Bendy Phone Holder

The name’s not sexy, but the application is!

bendy phone arm

Handy in the kitchen for two reasons: it keeps your phone out of the way and off the worktop while you cook so you can watch it, listen to it or whatever; and also handy for filming what you’re cooking. I use mine for Periscoping.

Search for bendy phone arms on Amazon

Productivity

Buffer

Sometimes you’re desperate to Tweet but you know it’s the wrong time. Buffer allows you to stack up Tweets so that they go out at a time when your audience is more likely to engage with it.

Buffer

TweetDeck

Been around for ages and went through a really rough period after being bought by Twitter, but TweetDeck is great for managing multiple Twitter accounts and seeing everything in one place. It’s especially good for livetweeting an event where you can monitor a hashtag or search term and act on the best responses as they come along.

Image copyright Twitter

TweetDeck

IFTTT

What can’t IFTTT (pronounced like ‘gift’) do? It’s one of those things that you don’t realise you need until you do, and it’s also tricky to explain. Essentially it connects services together, like email, Twitter, SMS, Calendar and many others. There are loads of applications. A couple of my favourites are:

  • Send a Google Alert straight to a Tumblr
  • Crosspost Tweets to Facebook
  • Text me when specific people publish a new post

It’s limitless though. Check it out.

IFTTT

Feedly

Everyone complained when Google Reader shut down. However Feedly stepped into the breach and I couldn’t love it more. It sucks up all my news sources, categorises them and allows me to browse news at my leisure. Great for catching up with my favourite blogs.

Feedly

Google Alerts

Google Alerts allow you to keep a search going indefinitely without you having to keep Googling it. It’s great for keeping track of your own blog, but also related topics that you want to find out more about.

Google Alerts

Chrome Extensions

I use Chrome as my primary browser, on desktop and mobile. On desktop there are a few extensions I find immensely handy for diving around the web.

MozBar

I think Moz are the best SEO community going. And their software is some of the most accurate I’ve used in trying to tell how Google interprets your site. The Moz bar extension is really cool for looking at the structure of page and understanding how it works. You can spot follow and nofollow links, see the H1 tags and meta descriptions and more. I wouldn’t be without it.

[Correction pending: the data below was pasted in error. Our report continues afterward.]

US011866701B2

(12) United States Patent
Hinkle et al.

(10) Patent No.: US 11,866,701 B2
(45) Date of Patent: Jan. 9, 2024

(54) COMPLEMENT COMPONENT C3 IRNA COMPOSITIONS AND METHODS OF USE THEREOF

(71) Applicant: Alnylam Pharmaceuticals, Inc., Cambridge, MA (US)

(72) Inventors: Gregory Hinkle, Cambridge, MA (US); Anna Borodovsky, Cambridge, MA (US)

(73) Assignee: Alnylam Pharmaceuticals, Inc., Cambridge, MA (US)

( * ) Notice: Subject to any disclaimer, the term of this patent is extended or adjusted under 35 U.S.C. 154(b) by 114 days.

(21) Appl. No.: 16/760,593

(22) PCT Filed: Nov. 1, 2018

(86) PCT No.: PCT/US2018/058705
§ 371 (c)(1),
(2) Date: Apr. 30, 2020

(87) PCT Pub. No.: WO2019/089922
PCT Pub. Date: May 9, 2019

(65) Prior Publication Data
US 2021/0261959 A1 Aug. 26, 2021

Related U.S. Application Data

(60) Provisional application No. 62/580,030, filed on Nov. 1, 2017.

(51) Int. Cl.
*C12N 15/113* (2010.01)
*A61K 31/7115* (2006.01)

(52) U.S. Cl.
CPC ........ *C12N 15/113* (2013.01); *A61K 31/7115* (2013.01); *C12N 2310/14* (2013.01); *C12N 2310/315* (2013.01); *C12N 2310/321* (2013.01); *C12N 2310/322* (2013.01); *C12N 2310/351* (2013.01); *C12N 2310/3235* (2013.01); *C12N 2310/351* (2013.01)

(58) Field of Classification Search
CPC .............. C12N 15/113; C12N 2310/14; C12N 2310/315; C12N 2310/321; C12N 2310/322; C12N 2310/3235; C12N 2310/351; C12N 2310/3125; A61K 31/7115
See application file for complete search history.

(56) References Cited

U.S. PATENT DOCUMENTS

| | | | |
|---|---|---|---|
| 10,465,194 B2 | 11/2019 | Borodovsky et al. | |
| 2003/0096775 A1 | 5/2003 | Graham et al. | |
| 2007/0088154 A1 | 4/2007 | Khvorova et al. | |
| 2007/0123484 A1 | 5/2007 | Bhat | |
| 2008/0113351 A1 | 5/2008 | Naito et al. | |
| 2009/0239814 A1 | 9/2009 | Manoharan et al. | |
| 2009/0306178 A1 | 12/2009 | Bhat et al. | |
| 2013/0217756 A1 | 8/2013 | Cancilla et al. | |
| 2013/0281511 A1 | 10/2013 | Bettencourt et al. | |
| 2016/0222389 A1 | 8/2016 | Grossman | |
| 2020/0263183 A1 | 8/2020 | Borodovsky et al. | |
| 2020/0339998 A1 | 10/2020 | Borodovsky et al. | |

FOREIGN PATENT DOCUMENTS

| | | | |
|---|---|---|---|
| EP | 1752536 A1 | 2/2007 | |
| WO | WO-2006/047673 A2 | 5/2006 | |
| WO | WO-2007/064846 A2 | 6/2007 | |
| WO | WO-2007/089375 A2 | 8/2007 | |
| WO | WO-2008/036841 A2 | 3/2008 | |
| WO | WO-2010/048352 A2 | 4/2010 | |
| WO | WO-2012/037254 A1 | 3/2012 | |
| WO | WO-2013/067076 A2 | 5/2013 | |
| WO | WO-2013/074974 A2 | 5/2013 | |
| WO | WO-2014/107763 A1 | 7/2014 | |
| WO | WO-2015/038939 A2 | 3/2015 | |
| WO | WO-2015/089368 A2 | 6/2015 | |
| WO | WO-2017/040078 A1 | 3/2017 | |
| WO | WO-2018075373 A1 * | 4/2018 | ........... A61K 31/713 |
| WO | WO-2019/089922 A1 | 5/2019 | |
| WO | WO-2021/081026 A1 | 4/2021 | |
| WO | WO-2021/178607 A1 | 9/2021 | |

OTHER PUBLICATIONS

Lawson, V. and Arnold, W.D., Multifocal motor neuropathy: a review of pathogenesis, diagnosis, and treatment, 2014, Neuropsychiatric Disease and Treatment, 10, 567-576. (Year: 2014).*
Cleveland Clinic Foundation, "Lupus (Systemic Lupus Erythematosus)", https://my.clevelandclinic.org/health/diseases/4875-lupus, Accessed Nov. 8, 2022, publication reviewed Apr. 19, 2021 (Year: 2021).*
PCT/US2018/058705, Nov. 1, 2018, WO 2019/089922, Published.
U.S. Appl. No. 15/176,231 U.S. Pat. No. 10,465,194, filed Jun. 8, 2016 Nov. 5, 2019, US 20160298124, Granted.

MozBar

SimilarWeb

SimilarWeb is a great service for determining the traffic of a site and it’s sources. If you find a similar blog to yours you can see what they’re doing differently.

SimilarWeb

ChromeCast

When sweating the detail it can be really handy to view something on a much larger screen. I’ll often ChromeCast my photos or entire site to my TV, where I can see what’s going on. It’s also super handy for music and video!

Google Cast

Monitoring

I’ll assume all of you use Google Analytics. But here’s some gadgets that aid or improve on that baseline.

SumAll

While many tools have great reporting, SumAll has a great way of assembling your audiences across different platforms so you can see them. Fascinating.

SumAll

SumAll

OpenSiteExplorer

Another tool from the good folks at Moz; OpenSiteExplorer is great for figuring out who is linking to you and where. This is great for outreach if you’re looking to let people know about updates to existing posts or just trying to determine who is being nice enough to link to you. It’ll also tell you very recent links too.

OpenSiteExplorer

None of these links are sponsored. I mention them because I love ’em. I wrote this in January 2016; things evolve and change so may well be different when you’re reading it.

That’s my list – any that I missed you can’t live without?